I received this email from Best Buy. The subject line said, “Shop Cyber Monday Sale; Save Over $1300 on Samsung 60″ HDTV.”
As intended, this caught my attention. “Wow,” I thought. “I can save $1,300!” Since I’m all about saving money right now, I opened the email, and learned a few things.
“Shop Cyber Monday Sale”
Capitalizing on the popularity of Black Friday combined with the ease of internet shopping, Best Buy constructed a headline designed to get attention from shoppers. Obviously, it worked on me.
The insinuation here is that you will lose money if you miss out on this deal. Does your blood pressure go up a little bit at the thought of losing $1,300!
$1,302.00. 0-2. That qualifies as “over” $1300. That first impression of big savings stays with you even after you see the actual numbers.
That’s a lot of money in our budget. Who wouldn’t want to save that much money. But wait…how much do you have to spend in order to save that much money? Do you see it there in tiny print? I had to search for it twice: $1,497.99!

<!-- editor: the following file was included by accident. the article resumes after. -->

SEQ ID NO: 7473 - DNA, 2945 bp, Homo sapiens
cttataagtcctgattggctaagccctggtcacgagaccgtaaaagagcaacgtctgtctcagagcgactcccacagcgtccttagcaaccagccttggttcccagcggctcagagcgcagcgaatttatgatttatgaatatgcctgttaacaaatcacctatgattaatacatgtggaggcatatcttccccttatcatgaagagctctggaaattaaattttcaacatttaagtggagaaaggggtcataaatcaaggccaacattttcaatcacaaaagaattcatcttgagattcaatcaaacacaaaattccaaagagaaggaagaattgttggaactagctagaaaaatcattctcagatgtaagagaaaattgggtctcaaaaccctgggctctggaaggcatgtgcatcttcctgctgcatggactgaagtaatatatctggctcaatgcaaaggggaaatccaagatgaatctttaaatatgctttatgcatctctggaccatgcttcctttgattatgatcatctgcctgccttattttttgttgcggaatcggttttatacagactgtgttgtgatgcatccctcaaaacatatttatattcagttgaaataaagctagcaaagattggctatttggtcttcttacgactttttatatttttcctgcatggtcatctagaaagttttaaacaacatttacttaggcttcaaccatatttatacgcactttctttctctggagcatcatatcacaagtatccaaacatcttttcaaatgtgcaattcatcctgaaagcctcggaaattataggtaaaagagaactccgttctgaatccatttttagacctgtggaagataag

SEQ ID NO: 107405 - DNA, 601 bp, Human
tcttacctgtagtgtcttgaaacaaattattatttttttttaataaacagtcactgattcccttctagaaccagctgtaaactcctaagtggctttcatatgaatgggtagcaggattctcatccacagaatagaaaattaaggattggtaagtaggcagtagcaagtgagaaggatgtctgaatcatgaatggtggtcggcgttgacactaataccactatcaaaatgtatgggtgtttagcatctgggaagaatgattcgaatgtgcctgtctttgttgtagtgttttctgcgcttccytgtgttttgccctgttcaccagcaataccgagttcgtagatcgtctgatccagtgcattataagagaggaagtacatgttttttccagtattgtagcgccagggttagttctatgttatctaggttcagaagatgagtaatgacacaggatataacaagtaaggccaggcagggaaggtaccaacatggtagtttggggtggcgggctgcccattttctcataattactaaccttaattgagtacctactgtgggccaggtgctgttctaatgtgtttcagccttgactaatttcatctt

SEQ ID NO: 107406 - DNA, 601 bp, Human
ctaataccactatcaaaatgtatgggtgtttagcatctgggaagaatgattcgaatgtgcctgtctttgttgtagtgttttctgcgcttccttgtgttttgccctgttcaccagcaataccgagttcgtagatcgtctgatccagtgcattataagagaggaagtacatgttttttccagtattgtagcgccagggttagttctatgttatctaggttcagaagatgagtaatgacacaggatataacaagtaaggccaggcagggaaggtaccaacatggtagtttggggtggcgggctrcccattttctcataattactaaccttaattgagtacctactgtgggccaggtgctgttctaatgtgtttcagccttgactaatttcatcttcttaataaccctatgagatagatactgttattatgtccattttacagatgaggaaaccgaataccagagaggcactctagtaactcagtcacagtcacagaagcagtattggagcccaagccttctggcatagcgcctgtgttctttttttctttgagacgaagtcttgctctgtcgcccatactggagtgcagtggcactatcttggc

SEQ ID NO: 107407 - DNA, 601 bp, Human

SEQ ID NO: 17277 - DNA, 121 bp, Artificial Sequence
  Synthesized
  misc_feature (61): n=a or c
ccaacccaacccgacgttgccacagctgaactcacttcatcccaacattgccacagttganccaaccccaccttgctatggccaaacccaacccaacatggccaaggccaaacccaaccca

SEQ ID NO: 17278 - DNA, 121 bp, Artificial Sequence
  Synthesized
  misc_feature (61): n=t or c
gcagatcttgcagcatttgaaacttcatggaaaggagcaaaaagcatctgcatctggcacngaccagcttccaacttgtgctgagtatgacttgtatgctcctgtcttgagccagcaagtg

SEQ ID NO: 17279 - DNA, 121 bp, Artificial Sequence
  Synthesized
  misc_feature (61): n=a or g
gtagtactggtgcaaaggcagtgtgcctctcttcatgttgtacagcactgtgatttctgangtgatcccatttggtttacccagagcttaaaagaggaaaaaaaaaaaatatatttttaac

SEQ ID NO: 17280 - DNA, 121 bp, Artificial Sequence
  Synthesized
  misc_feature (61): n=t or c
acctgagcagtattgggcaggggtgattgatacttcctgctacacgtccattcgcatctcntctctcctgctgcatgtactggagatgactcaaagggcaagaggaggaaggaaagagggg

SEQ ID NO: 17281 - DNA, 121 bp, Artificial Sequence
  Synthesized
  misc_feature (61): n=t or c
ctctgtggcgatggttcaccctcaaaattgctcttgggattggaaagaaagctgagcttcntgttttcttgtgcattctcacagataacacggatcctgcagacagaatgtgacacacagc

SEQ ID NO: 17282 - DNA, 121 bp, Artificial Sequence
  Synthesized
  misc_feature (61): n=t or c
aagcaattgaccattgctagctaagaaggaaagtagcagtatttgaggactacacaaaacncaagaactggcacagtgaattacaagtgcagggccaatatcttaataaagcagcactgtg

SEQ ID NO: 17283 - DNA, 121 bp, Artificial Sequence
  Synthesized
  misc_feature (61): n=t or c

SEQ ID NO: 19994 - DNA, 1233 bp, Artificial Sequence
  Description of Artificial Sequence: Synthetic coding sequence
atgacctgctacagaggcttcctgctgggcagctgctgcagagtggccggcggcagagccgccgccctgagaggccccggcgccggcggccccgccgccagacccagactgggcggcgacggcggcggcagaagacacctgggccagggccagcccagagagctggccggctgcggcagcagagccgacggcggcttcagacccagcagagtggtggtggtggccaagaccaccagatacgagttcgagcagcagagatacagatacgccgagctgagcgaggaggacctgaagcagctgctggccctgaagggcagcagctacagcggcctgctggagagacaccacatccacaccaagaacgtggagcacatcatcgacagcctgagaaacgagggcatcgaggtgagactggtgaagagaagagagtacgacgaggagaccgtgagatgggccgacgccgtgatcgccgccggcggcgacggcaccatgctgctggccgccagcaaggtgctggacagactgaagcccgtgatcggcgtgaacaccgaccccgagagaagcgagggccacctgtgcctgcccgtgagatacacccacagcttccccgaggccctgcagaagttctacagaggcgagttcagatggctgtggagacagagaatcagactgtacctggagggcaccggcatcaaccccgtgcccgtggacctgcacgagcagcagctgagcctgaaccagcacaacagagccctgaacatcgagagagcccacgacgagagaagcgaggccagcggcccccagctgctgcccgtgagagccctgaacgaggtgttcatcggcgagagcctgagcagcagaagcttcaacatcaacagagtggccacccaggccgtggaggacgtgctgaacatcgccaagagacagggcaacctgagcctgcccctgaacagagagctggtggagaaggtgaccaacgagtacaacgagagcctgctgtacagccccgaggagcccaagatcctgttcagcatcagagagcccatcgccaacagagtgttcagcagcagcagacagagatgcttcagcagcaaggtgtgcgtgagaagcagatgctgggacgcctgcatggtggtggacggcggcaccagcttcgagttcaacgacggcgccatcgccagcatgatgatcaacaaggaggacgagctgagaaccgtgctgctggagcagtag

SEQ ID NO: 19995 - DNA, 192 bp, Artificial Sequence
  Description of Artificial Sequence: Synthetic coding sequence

Here’s the problem: Once you start off with an idea cemented in your mind – “This is a really good deal,” in this case – you continue operating off that assumption – even when you are presented with the facts.
What’s the Solution?
#1. Unsubscribe from stupid Best Buy’s stupid marketing emails. (How did I even get on this list?)
#2. Budget. Plan. List. If everything is written down, and you have accountability, you have already automated that decision. Your brain doesn’t have to process all the factors that go into it, weigh options, reinvint the wheel every time a new “deal” comes along. It can just discard the information.
While you click the “delete” button on the email.
How do you handle “really good deals” that come along? What are some bad decisions you’ve made in the past? (You know you want to share…)